Mark Lambert Bristol has been storyboarding for Christopher McQuarrie since The Way of the Gun; he's also the storyboard artist on films like Memento, Dazed and Confused, The Thin Red Line and Edge of Tomorrow. We were thrilled when he offered some of his gorgeous Mission Impossible: Rogue Nation storyboards to be exclusively published in the August issue of Birth.Movies.Death. magazine, as well as some behind the boards commentary.
"Every sequence in ROGUE NATION had its own unique complications. In every case, their execution relied heavily on Mark Bristol's artwork. His understanding of what I see in my head borders on an invasion of privacy." — Christopher McQuarrie, Director
Take it away, Mark!
Writer Director Chris McQuarrie and I have been friends for twenty years. I have storyboarded many of his projects over the years. He invited me to help him visualize MI:V and it became the highlight of my career. I spent fourteen months on the film and traveled to London, Vienna and Morocco. A true life adventure!
This scene was heavily choreographed by the amazing stunt team and Tom Cruise. I sketched the shots based on their reference video and rehearsals that I attended. We worked on the Vienna Opera action for four to five months. I even traveled to Vienna twice.
Here you can see the aspect ratio has changed to 2:35:1. By this point I walked through each shot with director Chris McQuarrie in Vienna, so I had a tremendous amount of reference photos to sample from. As you can see the storyboard and the final shot in the film are nearly exact. That is always a thrill.
We worked on Ilsa and Ethan's extraction from the Opera House for a long time. I was literally drawing the revisions here in Austin while they were shooting in Vienna. Fan photos of Tom Cruise on the roof of the opera house helped me with the details.
I traveled with the crew to Morocco where we spent a week planning all the amazing chase sequences. Simon Pegg was screaming for real as Tom Cruise tore down those narrow streets. Intense!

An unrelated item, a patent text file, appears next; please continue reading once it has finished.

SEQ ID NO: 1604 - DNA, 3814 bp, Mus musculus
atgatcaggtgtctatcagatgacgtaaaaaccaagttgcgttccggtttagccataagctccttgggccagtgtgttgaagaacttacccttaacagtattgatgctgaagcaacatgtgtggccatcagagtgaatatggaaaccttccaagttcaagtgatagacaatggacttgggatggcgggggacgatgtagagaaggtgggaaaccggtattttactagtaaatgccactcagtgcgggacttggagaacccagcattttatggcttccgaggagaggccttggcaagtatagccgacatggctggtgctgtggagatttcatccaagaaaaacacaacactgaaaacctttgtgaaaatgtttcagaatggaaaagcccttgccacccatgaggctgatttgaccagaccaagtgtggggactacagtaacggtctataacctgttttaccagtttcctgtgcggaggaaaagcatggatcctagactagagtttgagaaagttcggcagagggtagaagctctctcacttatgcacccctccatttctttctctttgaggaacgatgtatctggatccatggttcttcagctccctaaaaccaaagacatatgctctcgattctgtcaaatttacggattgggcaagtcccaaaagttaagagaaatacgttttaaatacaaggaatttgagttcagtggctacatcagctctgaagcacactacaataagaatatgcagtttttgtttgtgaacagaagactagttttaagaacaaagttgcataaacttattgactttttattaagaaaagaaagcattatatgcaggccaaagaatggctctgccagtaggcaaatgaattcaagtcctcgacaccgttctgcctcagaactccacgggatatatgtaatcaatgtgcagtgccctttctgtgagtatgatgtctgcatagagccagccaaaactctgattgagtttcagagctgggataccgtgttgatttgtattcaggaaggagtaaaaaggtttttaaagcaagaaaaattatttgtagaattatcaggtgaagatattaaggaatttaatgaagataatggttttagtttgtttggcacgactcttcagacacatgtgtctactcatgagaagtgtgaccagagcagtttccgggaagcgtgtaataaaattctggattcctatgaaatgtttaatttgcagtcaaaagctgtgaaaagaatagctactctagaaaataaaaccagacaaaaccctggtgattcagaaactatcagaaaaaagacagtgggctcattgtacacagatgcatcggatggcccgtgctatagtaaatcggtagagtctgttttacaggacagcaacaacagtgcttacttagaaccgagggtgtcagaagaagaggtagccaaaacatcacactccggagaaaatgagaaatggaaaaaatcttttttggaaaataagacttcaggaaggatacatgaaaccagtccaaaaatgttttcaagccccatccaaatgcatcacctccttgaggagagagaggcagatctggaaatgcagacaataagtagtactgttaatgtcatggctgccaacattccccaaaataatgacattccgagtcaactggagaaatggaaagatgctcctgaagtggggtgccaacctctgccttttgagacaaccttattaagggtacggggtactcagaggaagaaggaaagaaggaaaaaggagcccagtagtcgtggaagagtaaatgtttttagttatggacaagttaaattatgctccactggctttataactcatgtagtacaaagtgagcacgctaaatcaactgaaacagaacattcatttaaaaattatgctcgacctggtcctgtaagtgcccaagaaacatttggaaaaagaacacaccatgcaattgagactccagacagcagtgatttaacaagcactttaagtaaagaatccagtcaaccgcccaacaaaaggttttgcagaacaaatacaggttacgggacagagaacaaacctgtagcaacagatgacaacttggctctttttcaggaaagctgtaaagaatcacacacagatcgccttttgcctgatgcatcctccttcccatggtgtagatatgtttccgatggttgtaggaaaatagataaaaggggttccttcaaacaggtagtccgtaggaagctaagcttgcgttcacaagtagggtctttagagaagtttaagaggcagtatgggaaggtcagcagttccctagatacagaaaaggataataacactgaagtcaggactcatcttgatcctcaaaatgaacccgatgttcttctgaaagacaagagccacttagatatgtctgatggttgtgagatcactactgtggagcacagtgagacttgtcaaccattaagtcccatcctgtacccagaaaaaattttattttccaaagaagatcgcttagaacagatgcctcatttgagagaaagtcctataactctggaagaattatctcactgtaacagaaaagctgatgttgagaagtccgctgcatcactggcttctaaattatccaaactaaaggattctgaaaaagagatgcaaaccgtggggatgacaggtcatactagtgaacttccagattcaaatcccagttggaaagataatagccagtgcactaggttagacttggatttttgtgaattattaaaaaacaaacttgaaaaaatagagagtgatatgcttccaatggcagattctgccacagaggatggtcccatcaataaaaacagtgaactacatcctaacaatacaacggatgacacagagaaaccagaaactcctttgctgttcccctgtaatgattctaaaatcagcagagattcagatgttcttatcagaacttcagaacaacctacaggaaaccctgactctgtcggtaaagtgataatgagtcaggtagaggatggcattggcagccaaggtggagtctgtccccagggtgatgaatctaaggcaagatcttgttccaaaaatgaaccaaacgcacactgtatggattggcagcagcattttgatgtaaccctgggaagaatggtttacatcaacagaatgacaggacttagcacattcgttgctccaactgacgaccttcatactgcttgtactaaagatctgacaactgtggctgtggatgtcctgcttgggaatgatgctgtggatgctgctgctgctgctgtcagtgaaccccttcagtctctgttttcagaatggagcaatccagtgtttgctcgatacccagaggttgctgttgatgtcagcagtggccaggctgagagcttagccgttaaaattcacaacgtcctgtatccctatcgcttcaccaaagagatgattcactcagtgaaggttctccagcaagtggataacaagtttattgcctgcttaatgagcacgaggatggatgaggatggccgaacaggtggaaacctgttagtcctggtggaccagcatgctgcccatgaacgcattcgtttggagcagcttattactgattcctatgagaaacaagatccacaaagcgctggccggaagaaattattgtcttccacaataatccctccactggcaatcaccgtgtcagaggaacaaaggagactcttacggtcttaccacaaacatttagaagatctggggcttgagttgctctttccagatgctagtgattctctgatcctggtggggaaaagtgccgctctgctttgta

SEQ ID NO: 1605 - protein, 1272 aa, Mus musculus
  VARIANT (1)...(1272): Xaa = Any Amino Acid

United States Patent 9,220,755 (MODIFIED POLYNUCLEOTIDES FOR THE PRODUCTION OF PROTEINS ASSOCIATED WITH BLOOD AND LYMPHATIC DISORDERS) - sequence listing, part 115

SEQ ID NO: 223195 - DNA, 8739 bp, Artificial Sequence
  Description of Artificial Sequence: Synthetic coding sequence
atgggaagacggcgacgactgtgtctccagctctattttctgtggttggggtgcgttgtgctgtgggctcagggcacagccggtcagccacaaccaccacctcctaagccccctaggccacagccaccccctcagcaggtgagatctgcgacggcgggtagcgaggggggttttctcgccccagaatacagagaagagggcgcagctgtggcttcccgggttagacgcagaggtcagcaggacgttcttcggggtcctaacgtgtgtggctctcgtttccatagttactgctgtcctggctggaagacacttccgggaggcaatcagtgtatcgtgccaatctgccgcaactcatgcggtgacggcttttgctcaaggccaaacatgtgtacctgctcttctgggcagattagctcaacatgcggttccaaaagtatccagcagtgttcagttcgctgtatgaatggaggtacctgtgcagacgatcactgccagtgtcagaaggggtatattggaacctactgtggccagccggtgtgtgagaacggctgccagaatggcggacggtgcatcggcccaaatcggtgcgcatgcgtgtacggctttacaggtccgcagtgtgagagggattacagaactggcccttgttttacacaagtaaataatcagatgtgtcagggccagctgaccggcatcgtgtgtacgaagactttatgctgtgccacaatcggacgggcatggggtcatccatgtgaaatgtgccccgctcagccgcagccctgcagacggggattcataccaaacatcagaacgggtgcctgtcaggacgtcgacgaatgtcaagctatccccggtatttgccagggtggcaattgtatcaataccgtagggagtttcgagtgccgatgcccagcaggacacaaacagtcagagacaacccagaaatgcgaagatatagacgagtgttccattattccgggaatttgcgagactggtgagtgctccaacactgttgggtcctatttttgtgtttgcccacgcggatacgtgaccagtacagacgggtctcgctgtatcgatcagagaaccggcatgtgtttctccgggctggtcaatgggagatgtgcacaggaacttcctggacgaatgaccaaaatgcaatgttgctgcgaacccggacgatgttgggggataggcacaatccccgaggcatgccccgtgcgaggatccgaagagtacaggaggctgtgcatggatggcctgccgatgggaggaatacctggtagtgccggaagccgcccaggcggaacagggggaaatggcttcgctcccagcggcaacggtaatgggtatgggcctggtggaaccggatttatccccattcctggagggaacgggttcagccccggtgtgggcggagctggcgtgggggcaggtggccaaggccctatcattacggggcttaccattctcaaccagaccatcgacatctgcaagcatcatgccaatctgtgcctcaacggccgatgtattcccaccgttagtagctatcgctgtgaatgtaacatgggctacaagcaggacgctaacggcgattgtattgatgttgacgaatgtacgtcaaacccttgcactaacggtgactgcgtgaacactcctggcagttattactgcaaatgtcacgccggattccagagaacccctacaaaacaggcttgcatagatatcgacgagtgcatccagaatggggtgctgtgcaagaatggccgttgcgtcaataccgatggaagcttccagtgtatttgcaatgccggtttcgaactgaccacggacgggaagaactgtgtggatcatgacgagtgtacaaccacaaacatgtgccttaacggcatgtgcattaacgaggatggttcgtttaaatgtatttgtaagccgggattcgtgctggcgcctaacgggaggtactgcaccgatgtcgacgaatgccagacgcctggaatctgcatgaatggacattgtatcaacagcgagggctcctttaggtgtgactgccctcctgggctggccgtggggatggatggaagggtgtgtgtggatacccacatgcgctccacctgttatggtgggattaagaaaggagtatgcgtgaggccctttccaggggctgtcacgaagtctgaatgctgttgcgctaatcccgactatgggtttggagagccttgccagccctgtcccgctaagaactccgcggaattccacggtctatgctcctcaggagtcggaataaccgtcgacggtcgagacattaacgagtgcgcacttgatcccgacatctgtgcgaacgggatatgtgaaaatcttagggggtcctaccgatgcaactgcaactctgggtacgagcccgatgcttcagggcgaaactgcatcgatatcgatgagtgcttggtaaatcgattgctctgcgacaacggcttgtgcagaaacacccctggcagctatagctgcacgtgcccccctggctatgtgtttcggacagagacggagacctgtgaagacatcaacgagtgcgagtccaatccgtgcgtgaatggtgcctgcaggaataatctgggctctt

Huge stunts of an SUV exploding in the streets of Vienna require intricate planning. Storyboards are a major communication tool for the crew.
One of many storyboards depicting the underwater sequence I worked on for four months alone.
Chris and I explored many different versions of this sequence until we arrived at the final one you will see on screen.
This shot is from a sequence ultimately not used in the film. An early version of Benji's arrival to Vienna. I just like the drawings.
I was in a meeting with Tom Cruise and all the department heads to discuss this amazing stunt. Tom kept saying he wanted his feet to fly off the plane. I did a quick sketch and handed it to him. He showed it to the crew and said, "Yeah, like this!" This storyboard represents the final frame.
One of many storyboards depicting Tom Cruise's absolutely remarkable stunt. Yes, he really did hang onto the side of that massive plane. They took off and landed 5 times with him strapped on. Amazing.
Chris really liked this shot. He knows exactly what he wants and is able to perfectly articulate his vision. Within that structure I would sometimes deliver additional shots for him to consider. Thankfully he was often thrilled with the contribution.